- animeshsaxena
**Posts:**520**Joined:**

QuoteOriginally posted by: outrunOne more:A C-number is a number that can be created from it's own digits with the following rules: * you can use the four operators: + - * /* you can use brackets ( )* you need to use each digit exactly twiceExample:144 = (4-1) * (4-1) 4 * 4For 2 points. How many binary (base 2) C-numbers are there?Example of a binary C-number:3 decimal = 11 binary -> we need to use four 1's. 3 = 1 + 1 + 1/1Couldn't find anything after 2, 3 , 7 (Binary C-numbers).

1, 15, and 63 are also binary C-numbers.15 = 1111 = 3 * 5 = (1 + 1 + 1) * (1 + 1 + 1 + 1 + 1)63 = 111111 = 3 * 3 * 7 = (1 + 1 + 1) * (1 + 1 + 1) * (1 + (1 + 1) * (1 + 1 + 1))Not sure what the pattern is...

- animeshsaxena
**Posts:**520**Joined:**

i had thought of all 1's being the pattern but couldn't make 15 and 63...C-numbers...i guess all numbers with all 1's are C-numbers. (2 is an exception)

outrun, i think T4A & katastrofa both have valid points: i did assume it is simply a square, but the problem would work if it is a rectangle as well - the green circle is just the inscribed circle of the triangle. the same method applies, since the area and the circumference of the triangle are easy to calculate.your new problem seems to be related to the lower bound of integer complexity (is that the "C"?) and i believe the numbers listed here (1,2,3,7,15,63) are the only solutions (checked up to n=10,000. MCarreira would do a much better job:P). unfortunately the apparent bound 3*log3(n) does not seem to do the trick... will update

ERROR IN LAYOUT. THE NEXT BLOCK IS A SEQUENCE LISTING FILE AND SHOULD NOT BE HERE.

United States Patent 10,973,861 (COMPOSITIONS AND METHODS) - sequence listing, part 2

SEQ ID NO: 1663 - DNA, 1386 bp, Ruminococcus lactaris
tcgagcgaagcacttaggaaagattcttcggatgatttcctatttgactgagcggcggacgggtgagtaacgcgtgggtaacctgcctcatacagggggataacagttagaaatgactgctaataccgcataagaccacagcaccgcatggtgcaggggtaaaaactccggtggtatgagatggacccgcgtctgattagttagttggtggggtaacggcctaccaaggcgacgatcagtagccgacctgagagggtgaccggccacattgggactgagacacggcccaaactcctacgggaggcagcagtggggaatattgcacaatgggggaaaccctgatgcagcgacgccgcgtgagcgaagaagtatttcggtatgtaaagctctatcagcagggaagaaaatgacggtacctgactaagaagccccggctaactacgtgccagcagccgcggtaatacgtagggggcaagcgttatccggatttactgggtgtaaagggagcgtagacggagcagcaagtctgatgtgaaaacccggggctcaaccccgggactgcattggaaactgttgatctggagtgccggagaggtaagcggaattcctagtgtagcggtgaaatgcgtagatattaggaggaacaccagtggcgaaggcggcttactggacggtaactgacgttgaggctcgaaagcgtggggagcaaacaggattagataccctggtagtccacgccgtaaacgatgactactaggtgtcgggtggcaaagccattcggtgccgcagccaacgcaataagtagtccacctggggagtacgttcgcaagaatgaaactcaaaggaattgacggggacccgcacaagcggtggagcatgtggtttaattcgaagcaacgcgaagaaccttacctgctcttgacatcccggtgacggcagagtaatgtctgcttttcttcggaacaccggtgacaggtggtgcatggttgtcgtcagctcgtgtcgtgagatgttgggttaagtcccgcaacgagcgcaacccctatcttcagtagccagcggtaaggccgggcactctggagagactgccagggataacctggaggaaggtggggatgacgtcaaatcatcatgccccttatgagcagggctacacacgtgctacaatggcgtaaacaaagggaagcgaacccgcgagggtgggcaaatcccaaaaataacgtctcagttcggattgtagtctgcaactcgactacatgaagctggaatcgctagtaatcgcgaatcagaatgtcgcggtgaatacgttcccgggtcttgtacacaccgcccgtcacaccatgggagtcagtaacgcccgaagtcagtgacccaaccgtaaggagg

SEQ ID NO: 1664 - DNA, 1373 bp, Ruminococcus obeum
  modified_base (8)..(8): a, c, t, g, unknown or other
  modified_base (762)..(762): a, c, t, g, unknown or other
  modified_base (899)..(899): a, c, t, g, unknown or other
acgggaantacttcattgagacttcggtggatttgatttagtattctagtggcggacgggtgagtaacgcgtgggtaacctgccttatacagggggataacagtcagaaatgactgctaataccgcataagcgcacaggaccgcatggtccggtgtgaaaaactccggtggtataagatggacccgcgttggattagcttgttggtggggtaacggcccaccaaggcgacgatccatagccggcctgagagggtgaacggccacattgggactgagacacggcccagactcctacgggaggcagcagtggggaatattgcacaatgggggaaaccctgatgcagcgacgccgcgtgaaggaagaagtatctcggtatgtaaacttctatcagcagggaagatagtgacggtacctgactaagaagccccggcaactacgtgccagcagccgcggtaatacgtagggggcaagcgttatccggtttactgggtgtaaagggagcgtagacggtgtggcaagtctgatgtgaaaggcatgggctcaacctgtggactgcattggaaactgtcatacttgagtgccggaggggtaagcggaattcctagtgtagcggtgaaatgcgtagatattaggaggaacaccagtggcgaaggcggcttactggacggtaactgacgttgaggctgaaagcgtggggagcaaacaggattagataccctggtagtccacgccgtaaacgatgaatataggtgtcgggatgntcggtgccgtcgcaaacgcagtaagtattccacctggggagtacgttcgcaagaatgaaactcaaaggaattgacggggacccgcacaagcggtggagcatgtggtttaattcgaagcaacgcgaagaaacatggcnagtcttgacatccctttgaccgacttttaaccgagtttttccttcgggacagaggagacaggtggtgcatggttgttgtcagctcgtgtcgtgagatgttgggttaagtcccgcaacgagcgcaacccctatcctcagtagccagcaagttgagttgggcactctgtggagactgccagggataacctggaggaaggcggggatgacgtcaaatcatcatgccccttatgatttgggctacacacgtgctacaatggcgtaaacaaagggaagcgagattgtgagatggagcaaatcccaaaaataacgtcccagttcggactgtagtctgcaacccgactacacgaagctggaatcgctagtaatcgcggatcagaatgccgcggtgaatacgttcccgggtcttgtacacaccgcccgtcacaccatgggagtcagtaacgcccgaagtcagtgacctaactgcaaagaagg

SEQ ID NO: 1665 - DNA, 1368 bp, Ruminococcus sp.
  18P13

Last edited by wileysw on May 14th, 2011, 10:00 pm, edited 1 time in total.

- Traden4Alpha
**Posts:**23951**Joined:**

You mean perpendicular to the hypotenuse, right?

- Traden4Alpha
**Posts:**23951**Joined:**

So many puzzles hinge of the exact definition that the literal wording becomes a key input of the solution process. At the same time, real world brainteasers lack explicit/exact definitions such that any example definition of a real-world problem can (and should) be looked at from the standpoint of variants of the problem statement (either relaxing the definition or added sensible constraints) that create a fan of possible solutions, some of which may be better than the solutions derived from the literal reading of the definition.

- lindavincent
**Posts:**9**Joined:**

I think I should share here one of the brainteaser which I'd enjoyed most - http://www.iqtestexperts.com/brainteasers/

QuoteOriginally posted by: outrunOne more:A C-number is a number that can be created from it's own digits with the following rules: * you can use the four operators: + - * /* you can use brackets ( )* you need to use each digit exactly twiceExample:144 = (4-1) * (4-1) 4 * 4For 2 points. How many binary (base 2) C-numbers are there?Example of a binary C-number:3 decimal = 11 binary -> we need to use four 1's. 3 = 1 + 1 + 1/1Would 10/(1+1) + 0*1 = 5 be valid ?

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